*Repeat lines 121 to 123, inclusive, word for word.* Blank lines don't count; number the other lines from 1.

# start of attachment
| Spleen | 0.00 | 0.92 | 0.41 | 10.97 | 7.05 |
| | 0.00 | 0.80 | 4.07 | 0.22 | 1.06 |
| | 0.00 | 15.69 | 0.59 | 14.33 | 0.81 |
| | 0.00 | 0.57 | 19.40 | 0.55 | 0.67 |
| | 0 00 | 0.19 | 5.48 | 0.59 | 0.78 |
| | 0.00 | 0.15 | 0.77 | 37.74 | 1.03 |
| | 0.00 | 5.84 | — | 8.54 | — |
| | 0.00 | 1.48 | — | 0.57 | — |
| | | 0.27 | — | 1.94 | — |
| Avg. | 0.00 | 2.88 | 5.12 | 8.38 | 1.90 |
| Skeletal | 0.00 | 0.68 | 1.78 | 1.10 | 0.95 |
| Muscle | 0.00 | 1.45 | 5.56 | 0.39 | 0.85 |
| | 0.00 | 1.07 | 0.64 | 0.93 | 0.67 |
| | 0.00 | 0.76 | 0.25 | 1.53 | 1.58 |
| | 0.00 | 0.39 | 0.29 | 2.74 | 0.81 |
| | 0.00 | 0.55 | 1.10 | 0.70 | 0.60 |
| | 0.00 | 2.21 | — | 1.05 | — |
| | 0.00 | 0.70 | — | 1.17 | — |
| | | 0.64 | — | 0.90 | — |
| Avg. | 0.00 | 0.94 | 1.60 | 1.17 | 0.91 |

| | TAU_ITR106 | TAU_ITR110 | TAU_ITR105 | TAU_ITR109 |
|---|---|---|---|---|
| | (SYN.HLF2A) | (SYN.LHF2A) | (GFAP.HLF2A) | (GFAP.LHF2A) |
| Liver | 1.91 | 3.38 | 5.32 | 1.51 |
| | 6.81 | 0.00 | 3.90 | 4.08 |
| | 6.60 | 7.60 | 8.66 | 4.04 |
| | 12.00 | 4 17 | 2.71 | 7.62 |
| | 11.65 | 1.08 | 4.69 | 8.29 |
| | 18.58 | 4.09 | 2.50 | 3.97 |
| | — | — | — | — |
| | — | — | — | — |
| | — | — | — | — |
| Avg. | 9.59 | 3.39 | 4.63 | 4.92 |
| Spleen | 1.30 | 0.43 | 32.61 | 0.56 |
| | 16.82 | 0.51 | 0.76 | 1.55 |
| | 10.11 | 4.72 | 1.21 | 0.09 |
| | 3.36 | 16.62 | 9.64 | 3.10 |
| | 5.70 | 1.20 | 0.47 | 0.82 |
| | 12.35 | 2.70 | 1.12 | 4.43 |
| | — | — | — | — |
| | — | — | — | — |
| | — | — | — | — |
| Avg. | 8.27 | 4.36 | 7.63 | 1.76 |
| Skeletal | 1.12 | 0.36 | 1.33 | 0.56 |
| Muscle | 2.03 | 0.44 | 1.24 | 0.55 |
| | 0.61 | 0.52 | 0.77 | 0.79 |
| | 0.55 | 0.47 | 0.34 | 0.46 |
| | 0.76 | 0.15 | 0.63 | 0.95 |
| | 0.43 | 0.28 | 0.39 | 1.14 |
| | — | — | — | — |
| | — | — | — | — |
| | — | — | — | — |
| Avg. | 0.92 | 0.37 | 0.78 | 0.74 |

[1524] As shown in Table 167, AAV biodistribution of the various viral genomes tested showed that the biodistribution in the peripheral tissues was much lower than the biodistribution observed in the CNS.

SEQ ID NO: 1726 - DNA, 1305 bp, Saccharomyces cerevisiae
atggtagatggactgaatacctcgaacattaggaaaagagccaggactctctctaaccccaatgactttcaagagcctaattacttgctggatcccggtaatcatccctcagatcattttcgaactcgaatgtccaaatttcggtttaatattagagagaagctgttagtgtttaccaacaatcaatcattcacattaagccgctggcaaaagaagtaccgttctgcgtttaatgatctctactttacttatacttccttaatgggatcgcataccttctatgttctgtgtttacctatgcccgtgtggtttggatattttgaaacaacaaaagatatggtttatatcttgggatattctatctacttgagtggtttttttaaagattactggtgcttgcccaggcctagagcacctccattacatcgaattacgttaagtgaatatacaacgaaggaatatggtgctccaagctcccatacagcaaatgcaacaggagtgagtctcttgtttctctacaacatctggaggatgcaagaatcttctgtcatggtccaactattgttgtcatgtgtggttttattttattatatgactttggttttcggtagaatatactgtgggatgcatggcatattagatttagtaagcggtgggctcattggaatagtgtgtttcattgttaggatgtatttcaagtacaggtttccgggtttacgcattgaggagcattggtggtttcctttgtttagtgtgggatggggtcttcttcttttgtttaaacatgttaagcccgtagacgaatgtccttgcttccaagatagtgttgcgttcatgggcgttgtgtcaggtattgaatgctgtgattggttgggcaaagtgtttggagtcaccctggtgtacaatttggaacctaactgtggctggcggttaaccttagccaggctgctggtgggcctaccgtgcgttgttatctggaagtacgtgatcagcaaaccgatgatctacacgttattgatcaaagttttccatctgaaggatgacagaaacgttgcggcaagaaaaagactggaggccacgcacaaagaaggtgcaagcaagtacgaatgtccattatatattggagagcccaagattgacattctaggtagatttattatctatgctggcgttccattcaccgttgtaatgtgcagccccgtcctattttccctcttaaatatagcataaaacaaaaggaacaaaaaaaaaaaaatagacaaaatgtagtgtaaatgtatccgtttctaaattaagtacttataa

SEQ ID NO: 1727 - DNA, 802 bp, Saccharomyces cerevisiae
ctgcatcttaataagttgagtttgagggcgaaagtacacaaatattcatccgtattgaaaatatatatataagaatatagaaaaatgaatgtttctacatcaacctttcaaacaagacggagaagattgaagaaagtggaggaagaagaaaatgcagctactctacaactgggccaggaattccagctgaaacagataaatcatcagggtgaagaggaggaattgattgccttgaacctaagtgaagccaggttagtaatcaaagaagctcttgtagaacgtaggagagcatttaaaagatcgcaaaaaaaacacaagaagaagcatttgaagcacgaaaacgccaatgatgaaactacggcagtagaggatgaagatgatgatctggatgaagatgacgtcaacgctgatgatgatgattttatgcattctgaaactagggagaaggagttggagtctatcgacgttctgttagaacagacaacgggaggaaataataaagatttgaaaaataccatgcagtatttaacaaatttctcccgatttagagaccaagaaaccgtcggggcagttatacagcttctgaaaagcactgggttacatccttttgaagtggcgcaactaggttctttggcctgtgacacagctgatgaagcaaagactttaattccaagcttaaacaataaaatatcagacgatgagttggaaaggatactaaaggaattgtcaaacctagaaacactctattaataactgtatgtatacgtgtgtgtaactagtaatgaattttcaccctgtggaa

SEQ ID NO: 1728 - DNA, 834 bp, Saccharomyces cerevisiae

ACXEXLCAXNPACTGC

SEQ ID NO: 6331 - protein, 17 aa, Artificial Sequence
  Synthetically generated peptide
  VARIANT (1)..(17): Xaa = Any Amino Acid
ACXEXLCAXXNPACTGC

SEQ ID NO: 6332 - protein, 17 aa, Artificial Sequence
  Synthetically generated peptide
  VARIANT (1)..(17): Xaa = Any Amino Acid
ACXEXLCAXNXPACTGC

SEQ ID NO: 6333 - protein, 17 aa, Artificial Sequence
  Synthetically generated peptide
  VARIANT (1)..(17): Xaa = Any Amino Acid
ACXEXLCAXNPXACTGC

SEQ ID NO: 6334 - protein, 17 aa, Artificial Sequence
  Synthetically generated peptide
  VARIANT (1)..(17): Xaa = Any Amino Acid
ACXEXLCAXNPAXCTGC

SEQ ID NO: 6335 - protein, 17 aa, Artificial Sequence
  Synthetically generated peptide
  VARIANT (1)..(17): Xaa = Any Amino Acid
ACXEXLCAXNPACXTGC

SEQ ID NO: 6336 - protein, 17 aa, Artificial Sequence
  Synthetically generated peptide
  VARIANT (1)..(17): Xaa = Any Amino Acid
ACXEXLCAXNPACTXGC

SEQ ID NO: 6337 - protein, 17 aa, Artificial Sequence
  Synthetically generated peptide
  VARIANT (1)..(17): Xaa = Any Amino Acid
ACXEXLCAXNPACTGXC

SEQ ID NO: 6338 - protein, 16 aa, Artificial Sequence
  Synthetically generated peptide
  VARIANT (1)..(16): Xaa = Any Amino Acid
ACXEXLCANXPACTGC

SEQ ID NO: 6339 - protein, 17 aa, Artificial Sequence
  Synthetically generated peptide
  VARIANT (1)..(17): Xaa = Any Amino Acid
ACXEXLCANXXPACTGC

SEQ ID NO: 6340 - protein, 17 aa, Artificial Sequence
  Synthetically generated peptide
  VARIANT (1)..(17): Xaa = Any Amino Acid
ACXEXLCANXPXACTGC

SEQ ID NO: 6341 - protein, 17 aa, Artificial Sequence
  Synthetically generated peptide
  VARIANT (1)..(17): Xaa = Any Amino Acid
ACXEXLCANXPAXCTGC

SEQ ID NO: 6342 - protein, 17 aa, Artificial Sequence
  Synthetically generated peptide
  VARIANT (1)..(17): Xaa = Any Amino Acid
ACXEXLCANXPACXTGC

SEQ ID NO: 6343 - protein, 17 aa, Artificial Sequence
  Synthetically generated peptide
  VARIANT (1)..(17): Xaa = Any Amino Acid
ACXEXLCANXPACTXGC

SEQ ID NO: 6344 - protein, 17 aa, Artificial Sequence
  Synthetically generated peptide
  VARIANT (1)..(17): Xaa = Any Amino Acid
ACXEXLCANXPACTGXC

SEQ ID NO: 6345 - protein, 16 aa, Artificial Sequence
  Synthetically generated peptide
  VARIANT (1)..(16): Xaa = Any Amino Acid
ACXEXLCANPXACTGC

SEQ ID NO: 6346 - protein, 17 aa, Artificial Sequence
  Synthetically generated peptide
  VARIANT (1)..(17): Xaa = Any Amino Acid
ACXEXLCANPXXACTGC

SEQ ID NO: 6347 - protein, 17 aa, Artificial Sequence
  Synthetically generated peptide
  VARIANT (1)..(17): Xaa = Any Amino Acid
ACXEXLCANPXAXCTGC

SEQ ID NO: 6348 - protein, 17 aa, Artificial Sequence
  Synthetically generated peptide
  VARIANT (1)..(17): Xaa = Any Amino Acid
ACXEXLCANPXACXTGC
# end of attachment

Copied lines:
SEQ ID NO: 6346 - protein, 17 aa, Artificial Sequence
  Synthetically generated peptide
  VARIANT (1)..(17): Xaa = Any Amino Acid